Pastor of Griggs in Greenville, SC. I write about the gospel, the church, and the soul. 

Why Writing Works

Why Writing Works


Hamsters love wheels. We're not hamsters.

But we jump on the hamster wheel when we experience anxiety. Anxiety is basically just negative cyclical thinking. We imagine a future event, perceive a potential danger, and think up a strategy to avoid the danger.  Then we RE-imagine the future event and perceive yet ANOTHER potential danger, come up with ANOTHER strategy, and so on...

What breaks the cycle? Writing. Writing is one of our greatest tools against cyclical thinking. Here's why:

Writing requires evaluation

A thought doesn't ask to be evaluated before formulating in your mind. It just appears whether it's legit or not. Then, you're stuck dealing with that thought. However, when we put something in writing, a higher level of thinking occurs. The brain evaluates whether what we're writing is true or false.

Writing requires process

A thought is automatic. It's either pleasant or unpleasant and emotion sparks immediately. As we write, we process more slowly and have a better chance at processing our emotions, handling our feelings, and monitoring our response. This helps us not get overly emotional when unnecessary.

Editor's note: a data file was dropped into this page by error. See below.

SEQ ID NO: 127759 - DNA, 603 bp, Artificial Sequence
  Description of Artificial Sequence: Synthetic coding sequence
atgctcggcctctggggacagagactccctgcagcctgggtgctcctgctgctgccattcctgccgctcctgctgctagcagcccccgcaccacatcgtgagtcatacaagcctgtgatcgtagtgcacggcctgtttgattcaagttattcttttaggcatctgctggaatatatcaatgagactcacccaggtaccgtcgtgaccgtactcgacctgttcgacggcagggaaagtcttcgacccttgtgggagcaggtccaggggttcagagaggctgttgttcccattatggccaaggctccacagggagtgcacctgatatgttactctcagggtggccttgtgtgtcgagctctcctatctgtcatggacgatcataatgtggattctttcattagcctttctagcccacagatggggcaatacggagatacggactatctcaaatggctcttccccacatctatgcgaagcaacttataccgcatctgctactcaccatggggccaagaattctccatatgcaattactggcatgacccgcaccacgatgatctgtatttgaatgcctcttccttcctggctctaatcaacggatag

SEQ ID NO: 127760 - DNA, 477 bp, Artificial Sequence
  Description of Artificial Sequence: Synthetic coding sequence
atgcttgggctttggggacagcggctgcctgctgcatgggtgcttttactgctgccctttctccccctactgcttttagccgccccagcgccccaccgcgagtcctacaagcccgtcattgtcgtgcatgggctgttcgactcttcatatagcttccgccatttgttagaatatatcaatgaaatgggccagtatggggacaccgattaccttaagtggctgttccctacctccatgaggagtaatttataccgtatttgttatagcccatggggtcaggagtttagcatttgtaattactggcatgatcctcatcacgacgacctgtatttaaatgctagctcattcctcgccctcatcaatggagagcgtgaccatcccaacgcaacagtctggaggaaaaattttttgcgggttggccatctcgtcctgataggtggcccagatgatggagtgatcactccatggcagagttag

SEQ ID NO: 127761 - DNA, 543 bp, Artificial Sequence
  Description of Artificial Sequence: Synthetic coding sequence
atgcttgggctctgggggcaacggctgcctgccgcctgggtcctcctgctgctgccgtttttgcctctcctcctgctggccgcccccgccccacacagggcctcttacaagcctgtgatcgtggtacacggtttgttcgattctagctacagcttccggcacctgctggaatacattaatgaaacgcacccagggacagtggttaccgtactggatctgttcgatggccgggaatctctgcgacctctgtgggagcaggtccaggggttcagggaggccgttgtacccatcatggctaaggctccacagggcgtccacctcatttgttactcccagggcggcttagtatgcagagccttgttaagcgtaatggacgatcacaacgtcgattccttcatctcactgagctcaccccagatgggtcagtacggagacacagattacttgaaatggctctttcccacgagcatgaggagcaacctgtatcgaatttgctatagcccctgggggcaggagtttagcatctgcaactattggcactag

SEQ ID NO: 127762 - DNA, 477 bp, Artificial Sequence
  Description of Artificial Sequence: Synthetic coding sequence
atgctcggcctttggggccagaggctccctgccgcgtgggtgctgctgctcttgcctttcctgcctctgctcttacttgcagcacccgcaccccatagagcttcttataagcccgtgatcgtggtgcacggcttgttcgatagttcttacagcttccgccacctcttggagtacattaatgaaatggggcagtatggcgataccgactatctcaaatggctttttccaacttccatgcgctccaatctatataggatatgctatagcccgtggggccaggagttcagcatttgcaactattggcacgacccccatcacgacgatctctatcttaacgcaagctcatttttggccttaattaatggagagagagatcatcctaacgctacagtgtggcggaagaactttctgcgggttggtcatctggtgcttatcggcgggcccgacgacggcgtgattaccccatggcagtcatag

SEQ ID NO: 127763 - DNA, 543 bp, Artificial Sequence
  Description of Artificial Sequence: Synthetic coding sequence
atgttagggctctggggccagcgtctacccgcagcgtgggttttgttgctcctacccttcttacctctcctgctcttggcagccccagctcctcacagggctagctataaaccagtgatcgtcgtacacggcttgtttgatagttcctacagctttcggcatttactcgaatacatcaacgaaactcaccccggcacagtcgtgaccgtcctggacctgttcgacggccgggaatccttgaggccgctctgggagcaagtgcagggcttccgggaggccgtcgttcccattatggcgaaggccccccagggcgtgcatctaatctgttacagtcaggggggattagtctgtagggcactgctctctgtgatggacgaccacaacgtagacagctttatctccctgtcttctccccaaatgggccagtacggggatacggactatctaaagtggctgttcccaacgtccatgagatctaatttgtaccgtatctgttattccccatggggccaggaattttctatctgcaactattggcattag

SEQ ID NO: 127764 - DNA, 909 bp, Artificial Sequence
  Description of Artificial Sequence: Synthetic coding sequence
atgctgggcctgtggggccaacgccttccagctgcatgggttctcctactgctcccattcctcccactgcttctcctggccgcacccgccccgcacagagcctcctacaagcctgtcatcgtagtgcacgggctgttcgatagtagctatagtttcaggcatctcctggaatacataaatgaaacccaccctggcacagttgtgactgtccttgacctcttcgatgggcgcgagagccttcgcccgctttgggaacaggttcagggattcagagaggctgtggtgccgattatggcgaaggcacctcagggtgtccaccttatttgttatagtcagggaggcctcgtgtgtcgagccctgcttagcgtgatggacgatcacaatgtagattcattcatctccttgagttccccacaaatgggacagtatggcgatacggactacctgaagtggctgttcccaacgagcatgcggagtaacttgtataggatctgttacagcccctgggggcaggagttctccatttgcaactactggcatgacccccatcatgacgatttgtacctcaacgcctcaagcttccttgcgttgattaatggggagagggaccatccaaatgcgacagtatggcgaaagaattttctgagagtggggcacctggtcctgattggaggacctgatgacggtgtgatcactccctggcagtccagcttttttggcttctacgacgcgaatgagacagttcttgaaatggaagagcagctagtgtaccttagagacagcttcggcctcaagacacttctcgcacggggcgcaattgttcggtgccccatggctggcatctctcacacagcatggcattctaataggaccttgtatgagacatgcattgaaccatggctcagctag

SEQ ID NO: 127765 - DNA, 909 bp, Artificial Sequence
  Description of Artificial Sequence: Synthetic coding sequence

Writing gives a sense of achievement

Anxiety begs us to do something. Writing gives us the sense that we've done something about our worries. We gain a sense of control and room to breathe.

Writing helps us see the big picture

As your thoughts cycle, you get more and more focused on tiny details that could be a big deal. When we write, we are forced to zoom out and see that all the tiny details we're worrying about are typically pointless and that there's a bigger picture to focus on. Oddly, the bigger picture is never as scary as the tiny details. 

Writing gives you a record of the past

Last, but not least, when you write stuff down, you can then read through it later. I know this seems obvious, but you can't do that with your thoughts. Thoughts are intangible. They're hard to organize as important or unimportant. They're hard to flag as dealt with or not yet dealt with. It's hard to remember why one thought is legitimate and another is not. Writing takes care of all of that, because now we can retrace our steps and see what we did with a thought the last time it ran across our mind.

Effective Journaling

Effective Journaling

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